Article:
In the case against Red Roof Inn companies, including Red Roof Inns Inc and Red Roof Franchising LLC, the plaintiffs each sought damages of up to $150 million.
Red Roof Inn told The Atlanta Journal-Constitution it condemns sex trafficking in all forms. The hotel chain said Monday that it mandates human trafficking training for its employees and independent franchisees in an effort to identify and report trafficking, and is working with hospitality industry organizations to prevent the criminal activity.
“The parties came to a mutual resolution of this matter to avoid further litigation,” Red Roof Inn said.
The attorneys in the case did not immediately respond Monday to questions about the settlement.
Claims included violations of the federal Trafficking Victims Protection Reauthorization Act and the Georgia Racketeer Influenced and Corrupt Organizations Act.
The trial was expected to last up to three weeks and potentially involve the testimony of more than 100 witnesses.
Red Roof Inn knew its hotels were being used for sex trafficking, and profited from the practice, plaintiffs alleged. The hotel chain was accused of negligently failing to keep its premises safe.
The plaintiffs claimed they were repeatedly tortured, beaten, drugged and raped at the Red Roof Inn hotels, which they said were commonly known as sex trafficking venues. The Jane Does alleged they were also traded among traffickers.
Red Roof Inn employees warned traffickers of any law enforcement activity or complaints from other hotel guests about evidence of trafficking and some hotel employees paid for sex from the plaintiffs, they alleged.
“At a point in time, most of the Smyrna Red Roof’s business came from traffickers renting hotel rooms,” one of the plaintiffs said in her complaint. “The Smyrna Red Roof was full of girls hanging over balconies to advertise, and traffickers directing commercial sex buyers to hotel rooms. There were often more than 100 buyers at the hotel in a single day. Hotel employees also saw traffickers openly beat victims in the public parking lot.”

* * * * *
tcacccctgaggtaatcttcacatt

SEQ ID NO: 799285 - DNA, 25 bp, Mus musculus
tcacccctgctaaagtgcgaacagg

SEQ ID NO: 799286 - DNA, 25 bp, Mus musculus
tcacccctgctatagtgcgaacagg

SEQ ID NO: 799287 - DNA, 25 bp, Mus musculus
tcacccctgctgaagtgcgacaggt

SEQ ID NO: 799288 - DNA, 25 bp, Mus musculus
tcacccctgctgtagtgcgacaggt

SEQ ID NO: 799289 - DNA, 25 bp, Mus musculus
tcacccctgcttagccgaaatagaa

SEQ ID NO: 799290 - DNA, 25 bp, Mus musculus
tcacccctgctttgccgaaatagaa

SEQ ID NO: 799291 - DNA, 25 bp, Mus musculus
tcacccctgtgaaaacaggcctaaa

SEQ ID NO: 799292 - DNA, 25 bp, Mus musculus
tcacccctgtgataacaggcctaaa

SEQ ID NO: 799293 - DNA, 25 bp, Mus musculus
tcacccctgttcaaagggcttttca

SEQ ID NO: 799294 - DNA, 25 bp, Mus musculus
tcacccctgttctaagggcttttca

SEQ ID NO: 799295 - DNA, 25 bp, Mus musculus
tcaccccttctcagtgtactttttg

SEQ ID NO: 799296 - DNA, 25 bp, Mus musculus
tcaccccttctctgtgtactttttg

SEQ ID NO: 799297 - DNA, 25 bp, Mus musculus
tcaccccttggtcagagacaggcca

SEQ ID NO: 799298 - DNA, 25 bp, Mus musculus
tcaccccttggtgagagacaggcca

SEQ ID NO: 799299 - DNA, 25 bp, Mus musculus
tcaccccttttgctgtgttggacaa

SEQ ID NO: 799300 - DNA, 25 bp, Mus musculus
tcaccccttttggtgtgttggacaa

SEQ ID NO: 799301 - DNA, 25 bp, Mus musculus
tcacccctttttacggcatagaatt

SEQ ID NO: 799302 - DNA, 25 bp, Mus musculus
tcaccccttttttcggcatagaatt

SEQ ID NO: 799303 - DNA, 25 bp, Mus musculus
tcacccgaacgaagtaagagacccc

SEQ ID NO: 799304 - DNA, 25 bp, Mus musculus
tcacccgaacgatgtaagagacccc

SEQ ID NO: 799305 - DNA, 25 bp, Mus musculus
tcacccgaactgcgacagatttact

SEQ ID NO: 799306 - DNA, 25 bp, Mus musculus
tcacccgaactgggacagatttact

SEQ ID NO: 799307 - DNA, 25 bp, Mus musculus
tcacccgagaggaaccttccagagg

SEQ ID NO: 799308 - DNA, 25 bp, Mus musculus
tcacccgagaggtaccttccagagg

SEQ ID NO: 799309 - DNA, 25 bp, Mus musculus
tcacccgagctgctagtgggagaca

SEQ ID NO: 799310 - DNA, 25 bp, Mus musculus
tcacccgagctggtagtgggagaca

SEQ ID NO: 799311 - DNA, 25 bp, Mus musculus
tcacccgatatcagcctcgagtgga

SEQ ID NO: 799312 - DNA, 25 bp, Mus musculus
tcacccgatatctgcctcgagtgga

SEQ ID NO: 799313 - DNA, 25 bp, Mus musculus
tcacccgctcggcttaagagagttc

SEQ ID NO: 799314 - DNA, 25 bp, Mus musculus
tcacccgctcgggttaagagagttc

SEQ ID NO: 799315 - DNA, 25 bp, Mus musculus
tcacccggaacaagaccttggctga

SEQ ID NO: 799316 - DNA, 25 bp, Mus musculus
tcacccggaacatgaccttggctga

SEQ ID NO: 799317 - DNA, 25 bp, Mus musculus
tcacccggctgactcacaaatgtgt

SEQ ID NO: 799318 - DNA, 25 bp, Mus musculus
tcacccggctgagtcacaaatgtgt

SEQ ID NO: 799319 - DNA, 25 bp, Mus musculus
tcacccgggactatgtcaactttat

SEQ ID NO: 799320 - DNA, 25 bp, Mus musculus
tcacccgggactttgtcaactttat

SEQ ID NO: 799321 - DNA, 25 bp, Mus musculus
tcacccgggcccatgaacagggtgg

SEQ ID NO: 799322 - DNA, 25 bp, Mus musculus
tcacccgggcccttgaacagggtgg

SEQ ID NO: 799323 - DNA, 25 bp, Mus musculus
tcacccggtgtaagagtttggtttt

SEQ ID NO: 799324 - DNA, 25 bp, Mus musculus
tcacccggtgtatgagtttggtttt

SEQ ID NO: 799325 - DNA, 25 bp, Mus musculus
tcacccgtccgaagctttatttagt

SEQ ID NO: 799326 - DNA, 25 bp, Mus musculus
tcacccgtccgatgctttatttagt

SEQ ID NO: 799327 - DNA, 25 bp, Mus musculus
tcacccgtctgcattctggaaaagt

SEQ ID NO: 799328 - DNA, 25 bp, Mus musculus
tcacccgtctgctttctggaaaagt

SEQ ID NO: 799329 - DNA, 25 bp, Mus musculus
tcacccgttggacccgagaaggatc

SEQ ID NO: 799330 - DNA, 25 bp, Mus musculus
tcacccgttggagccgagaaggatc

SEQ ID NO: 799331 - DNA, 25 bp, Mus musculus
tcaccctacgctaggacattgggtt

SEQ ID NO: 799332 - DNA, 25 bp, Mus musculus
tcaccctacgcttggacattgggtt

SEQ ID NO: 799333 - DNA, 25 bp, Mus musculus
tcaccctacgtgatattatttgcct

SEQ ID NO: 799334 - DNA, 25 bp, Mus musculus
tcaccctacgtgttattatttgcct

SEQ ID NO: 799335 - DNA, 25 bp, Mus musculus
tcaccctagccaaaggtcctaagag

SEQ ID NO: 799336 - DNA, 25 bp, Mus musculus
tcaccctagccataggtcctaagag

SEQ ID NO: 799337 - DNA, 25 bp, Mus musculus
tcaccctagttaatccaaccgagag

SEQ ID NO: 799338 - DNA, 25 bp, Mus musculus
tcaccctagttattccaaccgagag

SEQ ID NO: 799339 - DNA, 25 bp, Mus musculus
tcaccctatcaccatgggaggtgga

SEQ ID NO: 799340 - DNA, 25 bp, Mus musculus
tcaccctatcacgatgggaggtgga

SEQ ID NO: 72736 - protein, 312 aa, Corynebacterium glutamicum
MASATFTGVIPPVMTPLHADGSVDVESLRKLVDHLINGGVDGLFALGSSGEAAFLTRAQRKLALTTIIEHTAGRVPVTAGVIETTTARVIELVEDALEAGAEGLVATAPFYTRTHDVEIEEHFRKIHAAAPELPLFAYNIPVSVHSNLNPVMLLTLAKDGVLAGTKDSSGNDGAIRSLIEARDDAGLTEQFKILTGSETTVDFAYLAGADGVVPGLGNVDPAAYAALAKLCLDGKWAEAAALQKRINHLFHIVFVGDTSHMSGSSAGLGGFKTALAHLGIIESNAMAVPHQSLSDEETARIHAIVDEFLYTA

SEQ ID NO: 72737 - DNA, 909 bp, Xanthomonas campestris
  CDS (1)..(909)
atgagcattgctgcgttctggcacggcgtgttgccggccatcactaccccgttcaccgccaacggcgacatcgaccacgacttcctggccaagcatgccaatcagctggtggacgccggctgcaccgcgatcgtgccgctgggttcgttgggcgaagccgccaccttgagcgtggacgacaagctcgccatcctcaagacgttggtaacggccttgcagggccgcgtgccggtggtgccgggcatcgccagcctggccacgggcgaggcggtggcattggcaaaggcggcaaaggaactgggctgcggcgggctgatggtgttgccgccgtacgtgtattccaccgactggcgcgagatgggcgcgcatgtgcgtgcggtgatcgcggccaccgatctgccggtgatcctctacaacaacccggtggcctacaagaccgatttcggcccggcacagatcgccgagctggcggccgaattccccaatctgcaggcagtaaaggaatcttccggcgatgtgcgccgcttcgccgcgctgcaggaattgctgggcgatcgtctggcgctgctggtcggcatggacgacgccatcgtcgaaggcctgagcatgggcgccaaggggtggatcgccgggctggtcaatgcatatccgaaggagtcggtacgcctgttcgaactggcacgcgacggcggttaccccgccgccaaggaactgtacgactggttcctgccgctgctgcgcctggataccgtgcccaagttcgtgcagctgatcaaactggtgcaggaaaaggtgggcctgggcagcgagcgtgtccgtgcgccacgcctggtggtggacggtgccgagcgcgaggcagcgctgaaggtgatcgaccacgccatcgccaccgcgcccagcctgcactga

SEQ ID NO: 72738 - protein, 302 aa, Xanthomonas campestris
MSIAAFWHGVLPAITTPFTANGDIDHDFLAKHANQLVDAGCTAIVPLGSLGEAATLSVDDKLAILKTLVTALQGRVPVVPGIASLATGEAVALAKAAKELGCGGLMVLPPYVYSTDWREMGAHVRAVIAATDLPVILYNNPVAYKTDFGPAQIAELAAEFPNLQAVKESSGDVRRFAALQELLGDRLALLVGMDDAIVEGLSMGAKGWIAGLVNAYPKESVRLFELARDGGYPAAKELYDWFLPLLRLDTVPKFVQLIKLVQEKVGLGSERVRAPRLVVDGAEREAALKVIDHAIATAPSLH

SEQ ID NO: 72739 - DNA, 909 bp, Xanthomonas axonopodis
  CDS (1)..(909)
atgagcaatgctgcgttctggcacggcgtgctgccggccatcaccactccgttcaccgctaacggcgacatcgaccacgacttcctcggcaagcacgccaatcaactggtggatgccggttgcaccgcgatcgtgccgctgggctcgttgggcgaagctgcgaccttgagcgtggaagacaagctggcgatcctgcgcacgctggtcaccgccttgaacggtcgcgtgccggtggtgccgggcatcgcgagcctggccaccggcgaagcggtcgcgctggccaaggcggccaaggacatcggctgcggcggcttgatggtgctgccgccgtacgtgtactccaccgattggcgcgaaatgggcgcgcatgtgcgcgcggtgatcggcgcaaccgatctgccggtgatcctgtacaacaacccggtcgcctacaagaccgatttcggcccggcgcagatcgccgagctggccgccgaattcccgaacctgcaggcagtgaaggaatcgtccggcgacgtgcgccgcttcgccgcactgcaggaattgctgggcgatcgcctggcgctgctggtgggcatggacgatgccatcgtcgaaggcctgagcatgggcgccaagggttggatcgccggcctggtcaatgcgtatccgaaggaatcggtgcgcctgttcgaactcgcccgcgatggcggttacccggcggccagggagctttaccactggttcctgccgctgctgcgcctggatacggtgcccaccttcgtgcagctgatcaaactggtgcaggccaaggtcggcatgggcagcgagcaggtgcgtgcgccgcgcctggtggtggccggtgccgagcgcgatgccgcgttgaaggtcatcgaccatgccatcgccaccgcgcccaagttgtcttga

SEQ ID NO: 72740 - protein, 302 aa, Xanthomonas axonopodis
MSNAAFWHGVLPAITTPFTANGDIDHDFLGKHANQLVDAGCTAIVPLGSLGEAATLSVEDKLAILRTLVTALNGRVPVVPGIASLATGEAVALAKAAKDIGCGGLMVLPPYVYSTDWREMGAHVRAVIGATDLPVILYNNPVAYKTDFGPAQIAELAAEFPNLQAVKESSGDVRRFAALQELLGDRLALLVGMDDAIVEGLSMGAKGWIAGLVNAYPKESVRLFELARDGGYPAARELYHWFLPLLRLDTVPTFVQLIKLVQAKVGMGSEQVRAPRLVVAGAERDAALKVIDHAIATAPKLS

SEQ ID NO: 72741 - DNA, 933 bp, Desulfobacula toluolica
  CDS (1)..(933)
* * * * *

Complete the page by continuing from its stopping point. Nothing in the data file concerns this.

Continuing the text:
Red Roof Inn denied the allegations. The hotel chain said in case filings that the Smyrna property at issue was purchased in 2012 by an independent franchisee, Varahi Hotels LLC.
Claims against that company were resolved in August.
“Any alleged injuries and damages incurred by plaintiffs were not proximately caused by any acts or omissions of defendants, and instead were caused by the acts or omissions of others for whom defendants bear no legal responsibility,” the Red Roof Inn companies said in a pre-trial brief.
Red Roof Inn told the court that any blame lay with the alleged sex traffickers, those who allegedly paid for sex, unspecified trafficking accomplices, the owners and operators of other hotels, online websites that allegedly advertised commercial sex, hotel security providers, and the alleged victims themselves.
“Each plaintiff’s alleged injuries and damages were caused by her own intentional, negligent, or criminal conduct,” the Red Roof Inn companies said in case filings. “Each plaintiff assumed the risk of injury.”
Red Roof Inn also argued that the claims against it were filed too late. It contended that the plaintiffs’ alleged injuries were at least in part due to their own health problems, stemming from childhood trauma and drug use, among other things.